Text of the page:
The patient experienced a fracture of the distal clavicle. He was placed in a sling, with instructions to follow up with an orthopedist the following day.

As noted in Wheeless’ Textbook of Orthopaedics, distal fractures account for 10% to 15% of all clavicle fractures. Typically, these have a high incidence of non union; most are asymptomatic, with relatively few requiring surgery.1

The location of the fracture along the clavicle has a great effect on prognosis. Lateral fractures, such as the one seen here, tend to heal spontaneously and often do not require surgical inter- vention; medial fractures can be more serious, however.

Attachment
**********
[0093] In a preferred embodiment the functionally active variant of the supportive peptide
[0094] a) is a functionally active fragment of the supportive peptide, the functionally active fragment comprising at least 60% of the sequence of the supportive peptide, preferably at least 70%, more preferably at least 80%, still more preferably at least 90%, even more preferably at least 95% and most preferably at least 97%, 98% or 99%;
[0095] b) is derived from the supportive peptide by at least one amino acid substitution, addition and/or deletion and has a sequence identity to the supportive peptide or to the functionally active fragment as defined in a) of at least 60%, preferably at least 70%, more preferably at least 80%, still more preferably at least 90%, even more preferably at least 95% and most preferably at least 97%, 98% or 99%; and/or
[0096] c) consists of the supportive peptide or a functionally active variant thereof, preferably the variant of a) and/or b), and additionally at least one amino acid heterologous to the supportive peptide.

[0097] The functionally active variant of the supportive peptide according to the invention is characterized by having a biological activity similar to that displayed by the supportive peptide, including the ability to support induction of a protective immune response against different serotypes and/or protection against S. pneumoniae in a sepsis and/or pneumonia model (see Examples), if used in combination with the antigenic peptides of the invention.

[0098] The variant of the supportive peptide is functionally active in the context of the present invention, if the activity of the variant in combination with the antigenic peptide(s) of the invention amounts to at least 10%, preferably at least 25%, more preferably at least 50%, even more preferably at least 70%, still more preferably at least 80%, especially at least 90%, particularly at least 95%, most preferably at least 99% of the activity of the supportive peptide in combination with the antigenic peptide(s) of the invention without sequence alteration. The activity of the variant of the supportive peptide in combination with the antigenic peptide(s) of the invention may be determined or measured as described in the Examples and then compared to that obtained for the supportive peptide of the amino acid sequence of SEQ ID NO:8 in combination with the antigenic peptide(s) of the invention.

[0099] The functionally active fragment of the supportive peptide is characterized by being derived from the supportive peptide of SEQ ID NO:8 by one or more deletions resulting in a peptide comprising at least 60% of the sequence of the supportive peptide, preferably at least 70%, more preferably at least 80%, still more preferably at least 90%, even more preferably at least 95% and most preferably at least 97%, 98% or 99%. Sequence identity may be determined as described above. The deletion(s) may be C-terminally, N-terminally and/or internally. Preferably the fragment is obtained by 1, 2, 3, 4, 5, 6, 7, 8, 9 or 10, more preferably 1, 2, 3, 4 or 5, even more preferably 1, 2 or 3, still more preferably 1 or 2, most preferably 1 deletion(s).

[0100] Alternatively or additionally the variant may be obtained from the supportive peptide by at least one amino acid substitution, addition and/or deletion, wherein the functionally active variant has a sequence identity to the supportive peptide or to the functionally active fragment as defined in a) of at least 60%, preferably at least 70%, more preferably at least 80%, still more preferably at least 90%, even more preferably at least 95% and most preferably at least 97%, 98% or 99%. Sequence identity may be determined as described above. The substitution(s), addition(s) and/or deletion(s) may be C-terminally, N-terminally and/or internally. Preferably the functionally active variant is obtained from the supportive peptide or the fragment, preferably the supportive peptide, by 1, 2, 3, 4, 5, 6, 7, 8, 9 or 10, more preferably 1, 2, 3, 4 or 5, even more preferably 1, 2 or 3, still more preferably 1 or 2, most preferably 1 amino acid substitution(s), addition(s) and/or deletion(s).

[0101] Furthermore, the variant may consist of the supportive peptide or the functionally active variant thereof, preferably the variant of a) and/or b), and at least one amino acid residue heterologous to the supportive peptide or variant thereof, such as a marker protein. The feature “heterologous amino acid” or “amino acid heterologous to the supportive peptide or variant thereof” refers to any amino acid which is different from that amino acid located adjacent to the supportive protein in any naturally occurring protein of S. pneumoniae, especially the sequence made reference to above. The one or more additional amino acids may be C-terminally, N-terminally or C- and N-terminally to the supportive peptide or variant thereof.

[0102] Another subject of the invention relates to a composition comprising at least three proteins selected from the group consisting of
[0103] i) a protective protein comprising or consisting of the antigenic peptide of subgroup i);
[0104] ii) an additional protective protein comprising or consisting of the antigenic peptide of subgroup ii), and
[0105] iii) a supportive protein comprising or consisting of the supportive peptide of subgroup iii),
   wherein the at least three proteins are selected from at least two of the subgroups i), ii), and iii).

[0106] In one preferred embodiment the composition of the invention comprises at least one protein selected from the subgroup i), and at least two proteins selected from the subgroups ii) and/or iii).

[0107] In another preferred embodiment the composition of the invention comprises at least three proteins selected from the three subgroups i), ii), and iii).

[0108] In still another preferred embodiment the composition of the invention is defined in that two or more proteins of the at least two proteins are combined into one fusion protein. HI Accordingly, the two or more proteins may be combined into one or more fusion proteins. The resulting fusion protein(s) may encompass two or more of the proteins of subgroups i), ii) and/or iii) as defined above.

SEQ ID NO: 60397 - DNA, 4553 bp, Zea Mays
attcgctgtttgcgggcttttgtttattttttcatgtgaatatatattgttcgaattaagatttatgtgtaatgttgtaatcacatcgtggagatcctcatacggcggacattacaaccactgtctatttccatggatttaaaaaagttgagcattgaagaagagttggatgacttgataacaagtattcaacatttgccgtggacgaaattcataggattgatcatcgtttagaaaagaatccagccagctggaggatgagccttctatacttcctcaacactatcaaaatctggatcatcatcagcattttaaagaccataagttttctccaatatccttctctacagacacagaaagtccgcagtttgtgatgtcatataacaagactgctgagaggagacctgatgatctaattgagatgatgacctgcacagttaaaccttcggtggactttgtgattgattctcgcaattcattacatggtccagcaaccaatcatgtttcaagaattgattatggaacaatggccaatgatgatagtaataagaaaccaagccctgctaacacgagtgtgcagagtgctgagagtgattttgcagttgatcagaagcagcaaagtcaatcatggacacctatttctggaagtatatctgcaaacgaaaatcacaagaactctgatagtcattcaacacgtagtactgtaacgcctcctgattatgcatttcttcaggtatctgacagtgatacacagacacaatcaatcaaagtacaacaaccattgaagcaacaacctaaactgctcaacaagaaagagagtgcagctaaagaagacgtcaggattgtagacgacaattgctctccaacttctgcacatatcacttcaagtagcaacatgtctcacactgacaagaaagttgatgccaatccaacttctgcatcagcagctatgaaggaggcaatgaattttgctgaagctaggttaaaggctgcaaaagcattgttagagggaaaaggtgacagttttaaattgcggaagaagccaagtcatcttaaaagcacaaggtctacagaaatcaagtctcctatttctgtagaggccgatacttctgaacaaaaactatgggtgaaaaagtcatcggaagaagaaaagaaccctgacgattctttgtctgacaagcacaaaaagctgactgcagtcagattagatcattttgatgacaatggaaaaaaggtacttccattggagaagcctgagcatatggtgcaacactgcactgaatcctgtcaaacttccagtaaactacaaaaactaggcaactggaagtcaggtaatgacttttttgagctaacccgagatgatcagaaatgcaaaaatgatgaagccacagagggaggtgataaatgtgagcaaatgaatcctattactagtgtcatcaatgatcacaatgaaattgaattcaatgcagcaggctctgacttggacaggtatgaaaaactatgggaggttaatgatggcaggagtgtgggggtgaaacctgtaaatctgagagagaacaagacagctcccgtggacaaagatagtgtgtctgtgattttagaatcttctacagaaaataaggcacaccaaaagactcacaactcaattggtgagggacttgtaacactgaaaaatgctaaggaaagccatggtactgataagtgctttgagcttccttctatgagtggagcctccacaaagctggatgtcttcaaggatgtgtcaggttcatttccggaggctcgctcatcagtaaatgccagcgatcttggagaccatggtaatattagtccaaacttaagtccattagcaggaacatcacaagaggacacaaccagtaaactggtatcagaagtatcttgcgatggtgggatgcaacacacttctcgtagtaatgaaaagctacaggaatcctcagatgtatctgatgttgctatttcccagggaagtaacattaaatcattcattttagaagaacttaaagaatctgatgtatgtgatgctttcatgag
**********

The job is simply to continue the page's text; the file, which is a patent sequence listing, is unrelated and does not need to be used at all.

Reference

  1. Wheeless’ Textbook of Orthopaedics. Clavicle Fractures. Available at www.wheelessonline.com/ortho/clavicle_fractures. Accessed March 14, 2008.

Acknowledgment: Case presented by Nahum Kovalski, BSc, MDCM.

Clinical Challenge: April, 2008

Nahum Kovalski, BSc, MDCM

Clinical Researcher at TEREM Emergency Services
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